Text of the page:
“We still hold a torch of some sort, which is valuable to people and they love it. They really do.”
After a dramatic pause, he adds: “I intend to die on stage. I have nothing else better to do.”
DON BOUGHT FIRST GUITAR AT 16 AND STAR WAS QUICKLY ON ASCENT
Donald McLean (born October 2, 1945) is indeed best known for his 1971 hit song American Pie, an eight-and-a-half-minute folk-rock “cultural touchstone” about the loss of innocence of the early rock- and-roll generation. His other hit singles include Vincent, Dreidel, a rendition of Roy Orbison’s Crying, a rendition of the Skyliners’ Since I Don’t Have You, and Wonderful Baby.
McLean’s composition And I Love You So has been recorded by Elvis Presley, Perry Como, Helen Reddy, Glen Campbell, and others, and in 2000, Madonna had a hit with a rendition of American Pie.
In 2004, McLean was inducted into the Songwriters’ Hall of Fame. In January 2018, BMI certified that American Pie and Vincent had reached five million and three million airplays respectively.
Don’s grandfather and father, both also named Donald McLean, were of Scottish origin.
McLean’s mother, Elizabeth Bucci, came from Abruzzo in central Italy. He has other extended family in Los Angeles and Boston.
Though some of Don’s early musical influences included Frank Sinatra and Buddy Holly, as a teenager he became interested in folk music, particularly the Weavers’ 1955 recording At Carnegie Hall. He often missed long periods of school because of childhood asthma, particularly music lessons, and although Don slipped back in his studies, his love of music was allowed to flourish.
By age 16, he had bought his first guitar and begun making contacts in the music business, becoming friends with folk singers Erik Darling and Fred Hellerman of the Weavers.
Hellerman said, “He called me one day and said, ‘I’d like to come and visit you’, and that’s what he did! We became good friends; he has the most remarkable music memory of anyone I’ve ever known.”
When McLean was 15, his father died. Fulfilling his father’s request, Don graduated from Iona Preparatory School in 1963, and briefly attended Villanova University, dropping out after four months. After leaving Villanova, he became associated with the famed folk music agent Harold Leventhal for several months, before teaming up with his personal manager, Herb Gart, for 18 years.
For the next six years, he performed at venues and events including The Bitter End and the Gaslight Cafe in New York, the Newport Folk Festival, the Cellar Door in Washington, DC, and the Troubadour in Los Angeles.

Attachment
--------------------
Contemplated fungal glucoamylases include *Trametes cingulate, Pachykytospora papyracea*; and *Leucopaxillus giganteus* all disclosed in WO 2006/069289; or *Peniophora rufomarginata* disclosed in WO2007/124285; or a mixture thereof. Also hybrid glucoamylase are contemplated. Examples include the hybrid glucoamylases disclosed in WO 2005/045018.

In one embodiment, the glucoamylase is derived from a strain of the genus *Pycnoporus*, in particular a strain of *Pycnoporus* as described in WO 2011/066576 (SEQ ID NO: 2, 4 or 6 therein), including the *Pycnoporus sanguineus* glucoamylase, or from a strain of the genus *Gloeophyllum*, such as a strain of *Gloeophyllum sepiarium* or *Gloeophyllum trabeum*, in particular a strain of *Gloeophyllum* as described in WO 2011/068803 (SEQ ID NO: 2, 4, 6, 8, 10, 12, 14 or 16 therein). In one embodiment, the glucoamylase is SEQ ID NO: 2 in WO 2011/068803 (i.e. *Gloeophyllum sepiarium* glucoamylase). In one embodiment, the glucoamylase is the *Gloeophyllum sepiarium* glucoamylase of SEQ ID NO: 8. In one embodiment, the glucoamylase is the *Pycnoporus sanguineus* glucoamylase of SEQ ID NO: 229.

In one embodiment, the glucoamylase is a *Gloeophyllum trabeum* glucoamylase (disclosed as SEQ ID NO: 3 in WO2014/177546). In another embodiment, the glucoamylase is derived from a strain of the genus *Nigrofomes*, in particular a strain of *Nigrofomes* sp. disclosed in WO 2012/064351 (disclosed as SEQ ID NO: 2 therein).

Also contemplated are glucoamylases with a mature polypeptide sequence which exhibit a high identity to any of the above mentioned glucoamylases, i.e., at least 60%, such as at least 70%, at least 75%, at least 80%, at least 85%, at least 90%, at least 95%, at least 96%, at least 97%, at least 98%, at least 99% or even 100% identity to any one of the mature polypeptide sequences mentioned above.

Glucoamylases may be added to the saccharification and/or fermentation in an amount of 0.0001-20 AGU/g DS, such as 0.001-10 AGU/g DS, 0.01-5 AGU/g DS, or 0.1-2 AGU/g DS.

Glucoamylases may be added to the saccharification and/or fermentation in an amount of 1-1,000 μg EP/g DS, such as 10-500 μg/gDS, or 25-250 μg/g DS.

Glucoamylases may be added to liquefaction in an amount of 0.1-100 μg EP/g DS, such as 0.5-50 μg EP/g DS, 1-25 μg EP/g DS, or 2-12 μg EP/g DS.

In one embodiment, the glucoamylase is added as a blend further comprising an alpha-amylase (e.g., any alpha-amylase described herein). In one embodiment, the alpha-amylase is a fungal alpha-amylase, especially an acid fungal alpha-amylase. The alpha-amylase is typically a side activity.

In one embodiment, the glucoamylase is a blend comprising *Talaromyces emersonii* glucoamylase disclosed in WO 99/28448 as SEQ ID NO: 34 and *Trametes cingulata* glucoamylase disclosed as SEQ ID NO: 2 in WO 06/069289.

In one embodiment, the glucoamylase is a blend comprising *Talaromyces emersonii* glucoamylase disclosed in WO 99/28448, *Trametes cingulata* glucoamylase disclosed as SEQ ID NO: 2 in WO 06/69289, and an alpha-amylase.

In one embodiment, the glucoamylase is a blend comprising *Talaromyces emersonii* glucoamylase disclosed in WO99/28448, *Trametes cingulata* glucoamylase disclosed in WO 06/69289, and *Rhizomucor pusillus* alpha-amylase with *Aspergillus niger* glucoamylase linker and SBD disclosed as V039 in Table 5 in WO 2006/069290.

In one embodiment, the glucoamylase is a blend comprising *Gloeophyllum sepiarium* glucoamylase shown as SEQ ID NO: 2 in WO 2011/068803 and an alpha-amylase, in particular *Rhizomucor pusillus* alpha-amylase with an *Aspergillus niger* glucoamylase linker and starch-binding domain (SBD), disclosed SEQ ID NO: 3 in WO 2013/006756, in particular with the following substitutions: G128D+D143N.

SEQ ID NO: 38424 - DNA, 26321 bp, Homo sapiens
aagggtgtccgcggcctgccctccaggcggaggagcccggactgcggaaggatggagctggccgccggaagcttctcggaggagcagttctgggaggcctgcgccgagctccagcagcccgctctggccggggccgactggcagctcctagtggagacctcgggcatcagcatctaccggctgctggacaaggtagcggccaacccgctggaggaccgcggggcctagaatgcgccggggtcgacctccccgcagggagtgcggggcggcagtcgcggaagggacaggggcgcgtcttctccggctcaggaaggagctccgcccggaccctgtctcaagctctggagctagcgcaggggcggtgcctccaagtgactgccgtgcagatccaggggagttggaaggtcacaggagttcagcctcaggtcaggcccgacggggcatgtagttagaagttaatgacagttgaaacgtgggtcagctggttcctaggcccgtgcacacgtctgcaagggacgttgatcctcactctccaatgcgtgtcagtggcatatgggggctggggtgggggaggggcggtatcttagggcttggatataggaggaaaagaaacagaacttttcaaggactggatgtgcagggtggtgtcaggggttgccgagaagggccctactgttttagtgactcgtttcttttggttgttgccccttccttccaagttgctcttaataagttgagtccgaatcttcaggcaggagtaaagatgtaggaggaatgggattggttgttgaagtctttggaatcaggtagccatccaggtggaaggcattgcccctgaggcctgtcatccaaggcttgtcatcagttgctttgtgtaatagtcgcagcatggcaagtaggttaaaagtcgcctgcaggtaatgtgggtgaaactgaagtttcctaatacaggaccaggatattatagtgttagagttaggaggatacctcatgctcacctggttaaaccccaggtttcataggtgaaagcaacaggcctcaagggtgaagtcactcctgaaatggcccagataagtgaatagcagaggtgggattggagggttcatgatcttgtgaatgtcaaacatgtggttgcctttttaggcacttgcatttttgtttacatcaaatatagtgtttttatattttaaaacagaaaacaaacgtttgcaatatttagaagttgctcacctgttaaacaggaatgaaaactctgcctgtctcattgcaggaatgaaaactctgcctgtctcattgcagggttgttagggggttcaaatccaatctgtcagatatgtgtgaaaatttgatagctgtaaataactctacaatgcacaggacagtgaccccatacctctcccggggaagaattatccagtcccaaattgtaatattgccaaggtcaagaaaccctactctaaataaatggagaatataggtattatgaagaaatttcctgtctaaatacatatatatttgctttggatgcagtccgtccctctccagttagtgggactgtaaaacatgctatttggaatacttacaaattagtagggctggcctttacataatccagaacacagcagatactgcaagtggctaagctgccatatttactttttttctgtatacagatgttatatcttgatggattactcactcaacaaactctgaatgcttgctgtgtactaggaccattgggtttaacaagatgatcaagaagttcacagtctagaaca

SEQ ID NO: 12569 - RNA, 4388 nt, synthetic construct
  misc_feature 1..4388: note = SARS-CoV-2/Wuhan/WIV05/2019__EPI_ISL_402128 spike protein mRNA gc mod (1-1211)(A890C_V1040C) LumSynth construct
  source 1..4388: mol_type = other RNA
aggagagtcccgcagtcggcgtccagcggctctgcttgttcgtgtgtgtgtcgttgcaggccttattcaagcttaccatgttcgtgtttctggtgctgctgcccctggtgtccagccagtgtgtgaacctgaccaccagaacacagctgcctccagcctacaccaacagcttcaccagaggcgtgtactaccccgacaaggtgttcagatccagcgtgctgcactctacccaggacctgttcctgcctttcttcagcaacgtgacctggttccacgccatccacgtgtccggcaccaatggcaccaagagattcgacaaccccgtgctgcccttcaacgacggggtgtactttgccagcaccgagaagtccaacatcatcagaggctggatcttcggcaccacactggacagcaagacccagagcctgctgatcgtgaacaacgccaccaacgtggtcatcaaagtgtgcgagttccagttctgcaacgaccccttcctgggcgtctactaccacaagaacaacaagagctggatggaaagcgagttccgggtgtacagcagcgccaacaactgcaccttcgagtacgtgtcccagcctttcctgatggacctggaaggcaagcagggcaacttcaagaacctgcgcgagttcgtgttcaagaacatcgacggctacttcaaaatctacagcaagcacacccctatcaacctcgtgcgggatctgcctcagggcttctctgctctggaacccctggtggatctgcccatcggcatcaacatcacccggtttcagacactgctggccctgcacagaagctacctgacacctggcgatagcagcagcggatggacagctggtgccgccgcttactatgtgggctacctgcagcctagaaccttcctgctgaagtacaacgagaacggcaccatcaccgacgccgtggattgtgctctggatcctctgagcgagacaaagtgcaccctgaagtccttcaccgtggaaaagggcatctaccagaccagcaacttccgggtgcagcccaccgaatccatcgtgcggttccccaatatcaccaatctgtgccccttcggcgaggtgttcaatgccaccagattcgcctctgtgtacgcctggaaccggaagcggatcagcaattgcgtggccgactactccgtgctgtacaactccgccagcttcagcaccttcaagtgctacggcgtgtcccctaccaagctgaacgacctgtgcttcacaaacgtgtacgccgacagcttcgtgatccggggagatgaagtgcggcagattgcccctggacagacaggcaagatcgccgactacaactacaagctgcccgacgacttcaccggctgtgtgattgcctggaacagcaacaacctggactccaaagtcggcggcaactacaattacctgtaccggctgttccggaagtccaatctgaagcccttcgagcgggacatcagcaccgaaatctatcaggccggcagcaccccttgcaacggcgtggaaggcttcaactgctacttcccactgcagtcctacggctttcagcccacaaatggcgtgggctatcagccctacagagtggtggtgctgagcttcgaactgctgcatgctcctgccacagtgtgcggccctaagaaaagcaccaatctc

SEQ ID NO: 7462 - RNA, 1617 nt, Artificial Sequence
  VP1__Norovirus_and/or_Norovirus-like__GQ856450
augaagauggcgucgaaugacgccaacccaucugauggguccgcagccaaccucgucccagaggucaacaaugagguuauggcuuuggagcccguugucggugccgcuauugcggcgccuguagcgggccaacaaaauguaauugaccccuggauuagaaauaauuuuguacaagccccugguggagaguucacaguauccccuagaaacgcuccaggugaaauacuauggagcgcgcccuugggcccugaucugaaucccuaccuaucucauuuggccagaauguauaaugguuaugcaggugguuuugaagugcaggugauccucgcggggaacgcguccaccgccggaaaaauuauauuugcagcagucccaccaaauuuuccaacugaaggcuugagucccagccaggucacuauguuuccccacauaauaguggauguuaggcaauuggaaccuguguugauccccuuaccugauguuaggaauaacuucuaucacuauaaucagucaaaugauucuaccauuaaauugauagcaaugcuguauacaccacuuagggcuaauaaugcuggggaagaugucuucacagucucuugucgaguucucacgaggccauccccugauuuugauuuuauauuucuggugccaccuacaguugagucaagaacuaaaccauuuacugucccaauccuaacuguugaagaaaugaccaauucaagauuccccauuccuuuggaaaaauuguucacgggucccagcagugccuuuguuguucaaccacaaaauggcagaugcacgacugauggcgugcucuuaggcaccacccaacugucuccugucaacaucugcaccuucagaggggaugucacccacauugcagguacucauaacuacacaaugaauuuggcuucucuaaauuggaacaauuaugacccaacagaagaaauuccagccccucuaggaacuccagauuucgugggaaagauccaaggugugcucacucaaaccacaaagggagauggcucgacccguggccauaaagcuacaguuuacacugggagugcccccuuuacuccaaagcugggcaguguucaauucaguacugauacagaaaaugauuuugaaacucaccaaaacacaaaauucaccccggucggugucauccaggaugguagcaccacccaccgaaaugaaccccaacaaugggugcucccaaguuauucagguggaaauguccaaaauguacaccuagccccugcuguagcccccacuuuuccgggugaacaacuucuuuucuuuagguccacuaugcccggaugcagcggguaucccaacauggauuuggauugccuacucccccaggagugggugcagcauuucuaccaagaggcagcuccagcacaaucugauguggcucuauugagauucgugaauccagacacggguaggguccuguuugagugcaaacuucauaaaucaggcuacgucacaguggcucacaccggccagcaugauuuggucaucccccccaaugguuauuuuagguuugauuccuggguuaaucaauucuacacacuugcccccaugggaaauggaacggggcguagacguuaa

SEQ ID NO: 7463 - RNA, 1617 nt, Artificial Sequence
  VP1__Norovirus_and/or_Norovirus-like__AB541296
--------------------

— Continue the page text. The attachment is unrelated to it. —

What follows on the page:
McLean turned down a scholarship to Columbia University Graduate School in 1968 in favour of pursuing a career as a singer-songwriter, performing at such venues as Caffè Lena in Saratoga Springs, New York and the Main Point in Bryn Mawr, Pennsylvania.
DON ‘HIT TOP OF THE MOUNTAIN WITH ICONIC TRACK’
McLean recorded his first album Tapestry in 1969 in Berkeley, California, during the student riots. After being rejected 72 times by labels, the album was released by Mediarts. It attracted good reviews but garnered little notice outside the folk community.
His major break came when Mediarts was taken over by United Artists Records, thus securing the promotion of a major label for his second album, American Pie. It’s runaway success made McLean an international star and piqued interest in his first album.
Don’s magnum opus is inspired partly by the deaths of Buddy Holly, Ritchie Valens, and JP Richardson (The Big Bopper) in a plane crash in 1959, and developments in American youth culture in the subsequent decade.
The song popularised the expression The Day the Music Died in reference to the crash.
It was recorded on May 26, 1971 and reached number one on the Billboard Hot 100 from January 15 to February 5, 1972.
In 2001, American Pie was voted number five in a poll of the 365 Songs of the century compiled by the Recording Industry Association of America and the National Endowment for the Arts.
On April 7, 2015, McLean’s original working manuscript of the song sold for $1,205,000 at Christie’s auction rooms, New York, making it the third highest auction price achieved for an American literary manuscript.
In the sale catalogue notes, McLean revealed the meaning in the song’s lyrics: “Basically in American Pie things are heading in the wrong direction. ... It [life] is becoming less idyllic. I don’t know whether you consider that wrong or right but it is a morality song in a sense.”
The catalogue confirmed some of the better-known references in the song’s lyrics, including mentions of Elvis Presley (“the king”) and Bob Dylan (“the jester”), and confirmed that the song culminates with a description of the death of Meredith Hunter at the Altamont Free Concert, ten years after the plane crash that killed Holly, Valens, and Richardson, and that the song broadly depicts how the early rock innocence of the 1950s, and a bygone simpler age, had been lost.
Mike Mills of REM reflected on the seminal track, that it “just made perfect sense to me as a song. When you’ve written songs that can be considered classic that is a very high batting average and if one of those songs happens to be something that a great many people think is one of the greatest songs ever written you’ve not only hit the top of the mountain but you’ve stayed high on the mountain for a long time.”
Tickets for Don McLean’s 50th Anniversary of American Pie 2022 UK Tour are available online. More information at donmclean.com.